A Look Back: Plumbing in the 1800s

A visit from a retired plumber causes the author to reflect on how much the industry has changed

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One day I was retrieving parts from our warehouse for an elderly man who came in for “packing” to “repack a stem.”

The way he explained it to me struck me as strange since he used plumber lingo. I asked him if he had been a plumber. He replied, “Yes, I was a master plumber for a very long time. Matter of fact I worked here where we stand a very long time ago.”

I was stunned. I sat down with him and asked him how he got into plumbing. He explained that his father and grandfather considered themselves plumbers, and he then opened a window into plumbing history that I will never forget.

The Morning Routine

In mid-sized working towns there was typically a “knocker” or “night watchman” who would walk through neighborhoods and knock on windows with poles to wake people up for work. Everyone lived near their workplace, and if the town didn’t have knockers, they had a factory whistle that would blow at 4 a.m. There was no electricity, and candles were rationed and considered a wealthy person’s asset so when you woke up it was dark. You would typically keep a candle on you.

Once you were up, it was time for breakfast. Cornmeal and coffee were kings during this time period because corn could be easily grown and stored. The coffee was made using water from a hand pump well, since most of the country did not have running water. The food and coffee was usually heated with a wood-fired pot belly stove, which you had to feed with wood that you cut down. 

You would typically bathe once a week — and maybe less often in the winter since there was no hot water — and in the summer you would fill up a tub with water in the morning and let the sun heat it up during the day so you could have a warm bath after work hours. You would also make your lunch (meat and cornmeal) and put it in your homemade lunch box (tin or leather). Once you were ready to roll, you headed out of the house and walked to work.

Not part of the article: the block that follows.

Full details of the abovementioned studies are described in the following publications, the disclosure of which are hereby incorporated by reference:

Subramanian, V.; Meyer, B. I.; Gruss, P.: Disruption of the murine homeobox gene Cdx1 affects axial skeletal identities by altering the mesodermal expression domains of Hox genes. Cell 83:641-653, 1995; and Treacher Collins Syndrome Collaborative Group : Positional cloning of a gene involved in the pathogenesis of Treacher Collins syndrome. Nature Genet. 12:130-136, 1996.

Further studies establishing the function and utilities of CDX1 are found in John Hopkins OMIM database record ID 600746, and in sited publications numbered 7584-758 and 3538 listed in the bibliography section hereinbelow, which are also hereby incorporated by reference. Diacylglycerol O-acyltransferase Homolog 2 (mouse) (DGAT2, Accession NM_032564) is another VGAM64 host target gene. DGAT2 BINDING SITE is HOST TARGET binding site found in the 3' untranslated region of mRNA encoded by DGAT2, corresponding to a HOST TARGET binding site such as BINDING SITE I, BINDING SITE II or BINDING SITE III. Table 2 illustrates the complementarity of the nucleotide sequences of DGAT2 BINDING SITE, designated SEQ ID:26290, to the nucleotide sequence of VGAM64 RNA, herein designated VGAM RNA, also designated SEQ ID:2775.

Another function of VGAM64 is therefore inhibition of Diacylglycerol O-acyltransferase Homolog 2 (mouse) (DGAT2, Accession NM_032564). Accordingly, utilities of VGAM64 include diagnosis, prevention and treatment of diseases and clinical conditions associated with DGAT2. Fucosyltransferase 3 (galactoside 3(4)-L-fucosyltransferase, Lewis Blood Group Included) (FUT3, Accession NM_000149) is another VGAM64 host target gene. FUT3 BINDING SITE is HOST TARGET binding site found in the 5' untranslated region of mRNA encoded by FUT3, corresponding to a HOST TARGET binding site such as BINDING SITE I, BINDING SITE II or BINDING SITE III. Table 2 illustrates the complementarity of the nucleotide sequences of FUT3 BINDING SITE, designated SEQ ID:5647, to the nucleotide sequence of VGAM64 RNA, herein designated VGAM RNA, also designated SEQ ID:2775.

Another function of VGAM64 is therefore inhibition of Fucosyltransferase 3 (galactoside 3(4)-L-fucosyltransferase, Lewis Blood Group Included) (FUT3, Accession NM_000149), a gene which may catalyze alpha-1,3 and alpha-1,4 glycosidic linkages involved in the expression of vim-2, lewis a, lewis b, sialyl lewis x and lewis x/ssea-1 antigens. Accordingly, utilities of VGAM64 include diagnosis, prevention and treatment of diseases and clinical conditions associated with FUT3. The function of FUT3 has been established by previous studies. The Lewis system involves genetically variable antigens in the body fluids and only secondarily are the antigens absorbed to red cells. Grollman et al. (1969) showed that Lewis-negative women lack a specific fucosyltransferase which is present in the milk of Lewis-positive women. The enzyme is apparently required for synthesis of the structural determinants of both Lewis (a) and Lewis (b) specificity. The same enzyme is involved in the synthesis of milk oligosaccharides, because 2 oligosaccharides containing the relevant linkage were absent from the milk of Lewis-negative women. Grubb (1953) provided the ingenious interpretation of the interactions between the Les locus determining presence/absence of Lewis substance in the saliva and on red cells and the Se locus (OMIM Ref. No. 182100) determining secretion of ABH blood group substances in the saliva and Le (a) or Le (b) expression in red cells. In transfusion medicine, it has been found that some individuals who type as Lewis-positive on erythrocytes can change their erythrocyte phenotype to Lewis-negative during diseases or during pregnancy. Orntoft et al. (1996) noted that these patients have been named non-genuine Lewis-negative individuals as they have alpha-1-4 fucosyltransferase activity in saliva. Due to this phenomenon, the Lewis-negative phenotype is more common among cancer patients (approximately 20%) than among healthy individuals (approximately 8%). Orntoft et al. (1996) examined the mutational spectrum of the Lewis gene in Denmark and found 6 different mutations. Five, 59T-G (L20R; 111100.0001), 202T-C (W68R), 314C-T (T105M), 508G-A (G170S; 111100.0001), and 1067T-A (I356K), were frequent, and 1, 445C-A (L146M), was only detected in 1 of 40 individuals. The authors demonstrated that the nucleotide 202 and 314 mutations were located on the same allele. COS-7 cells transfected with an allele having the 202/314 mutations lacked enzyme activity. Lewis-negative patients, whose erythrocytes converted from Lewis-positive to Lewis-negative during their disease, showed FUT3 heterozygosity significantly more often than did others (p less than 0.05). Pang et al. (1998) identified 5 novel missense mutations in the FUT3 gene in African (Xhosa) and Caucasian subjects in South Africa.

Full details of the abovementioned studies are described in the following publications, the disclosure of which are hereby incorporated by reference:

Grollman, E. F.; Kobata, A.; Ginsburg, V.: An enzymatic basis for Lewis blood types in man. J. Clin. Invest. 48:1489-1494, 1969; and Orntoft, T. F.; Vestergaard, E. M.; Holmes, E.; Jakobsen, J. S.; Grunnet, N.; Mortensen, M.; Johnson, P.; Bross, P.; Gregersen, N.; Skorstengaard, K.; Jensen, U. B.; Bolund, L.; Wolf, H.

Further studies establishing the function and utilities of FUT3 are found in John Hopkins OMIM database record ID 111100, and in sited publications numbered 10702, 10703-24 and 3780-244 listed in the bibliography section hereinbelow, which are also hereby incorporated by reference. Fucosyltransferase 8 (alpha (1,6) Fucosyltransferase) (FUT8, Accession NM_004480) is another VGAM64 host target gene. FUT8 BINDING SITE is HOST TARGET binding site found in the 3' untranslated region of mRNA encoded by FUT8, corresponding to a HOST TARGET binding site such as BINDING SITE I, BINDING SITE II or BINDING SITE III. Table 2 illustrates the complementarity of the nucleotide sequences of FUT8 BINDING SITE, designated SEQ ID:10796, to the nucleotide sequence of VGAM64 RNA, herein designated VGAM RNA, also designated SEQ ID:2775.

Shaving was done daily with a straight razor. Clothing was usually bought at local general stores. Men would keep two sets of clothing. One set of everyday work clothes, and another set of better clothing for church. Work pants and shirts were made from cotton twill. The typical plumber would wear cotton twill pants, a chambray style button down shirt, and denim or cotton twill overalls.

The Walk to Work

Most people lived close enough to walk, and the working class at this time was known to be swift nomads traveling place to place in a flash when work opened up — unless you owned your own land. There were no cars, only horses. The walk to work was typically a struggle to walk around the large quantity of horse manure that was caked over every street. It’s estimated that this horse manure came out to 10 tons per square mile. There were also occasionally carcasses of dead horses lying in the streets that would remain there stinking for weeks until the city came to clean it up.

At Work

Upon arrival at work, if you weren’t sent to start a large project somewhere in or around town, you handled three orders a day as a service plumber. You would receive your three work orders at the beginning of the day and be accompanied by two laborers. The laborers would push a wheelbarrow full of fittings and tools and walk with you to each job. You got three trips back to your supply yard for parts. If you came back a fourth time you were sent directly home for the day, and more than likely replaced with another plumber who had been waiting for employment.

Food

Lunch for the working man consisted of either cornmeal or white potatoes (if you lived in the North) or sweet potatoes (if you lived in the South). White potatoes matured too early for consumption in the South. Fruits were usually missing from the American diet during this time period because of how fast they would spoil, with the exception of apples. Some workers would spoil themselves with a piece of chocolate or tea.

Dinner was almost always salted and smoked pork because there wasn’t a means of preservation. Pork was the most popular because pigs required little attention.

Heating Systems

There was no central heating at that time, so wood or coal had to be brought into the house and the fires had to be tended to throughout the day. The rags in the cracks of a house’s walls were typically the only insulation. Pot belly stoves, coal stoves, and wood burners were the only source of heat, all of which were very dangerous fire hazards. Even with those sources of heat, the house remained very cold throughout the winter months.

I have never been more engaged in listening than I was when this gentleman was speaking. It had a feel of simple, yet highly skilled professionals living in a time of plight and depression. It seemed to be a time when the plumber was considered the savior of society and at his social status peak. You could feel the pride radiate from the man’s personality and I am grateful to say the least that I had the opportunity to speak with him before he passed.

About the Author

Anthony Pacilla is a registered master plumber for McVehil Plumbing in Washington, Pennsylvania. He has 22 years of experience in the plumbing and HVAC trades, and has a bachelor’s in business and economics from Thiel College. 



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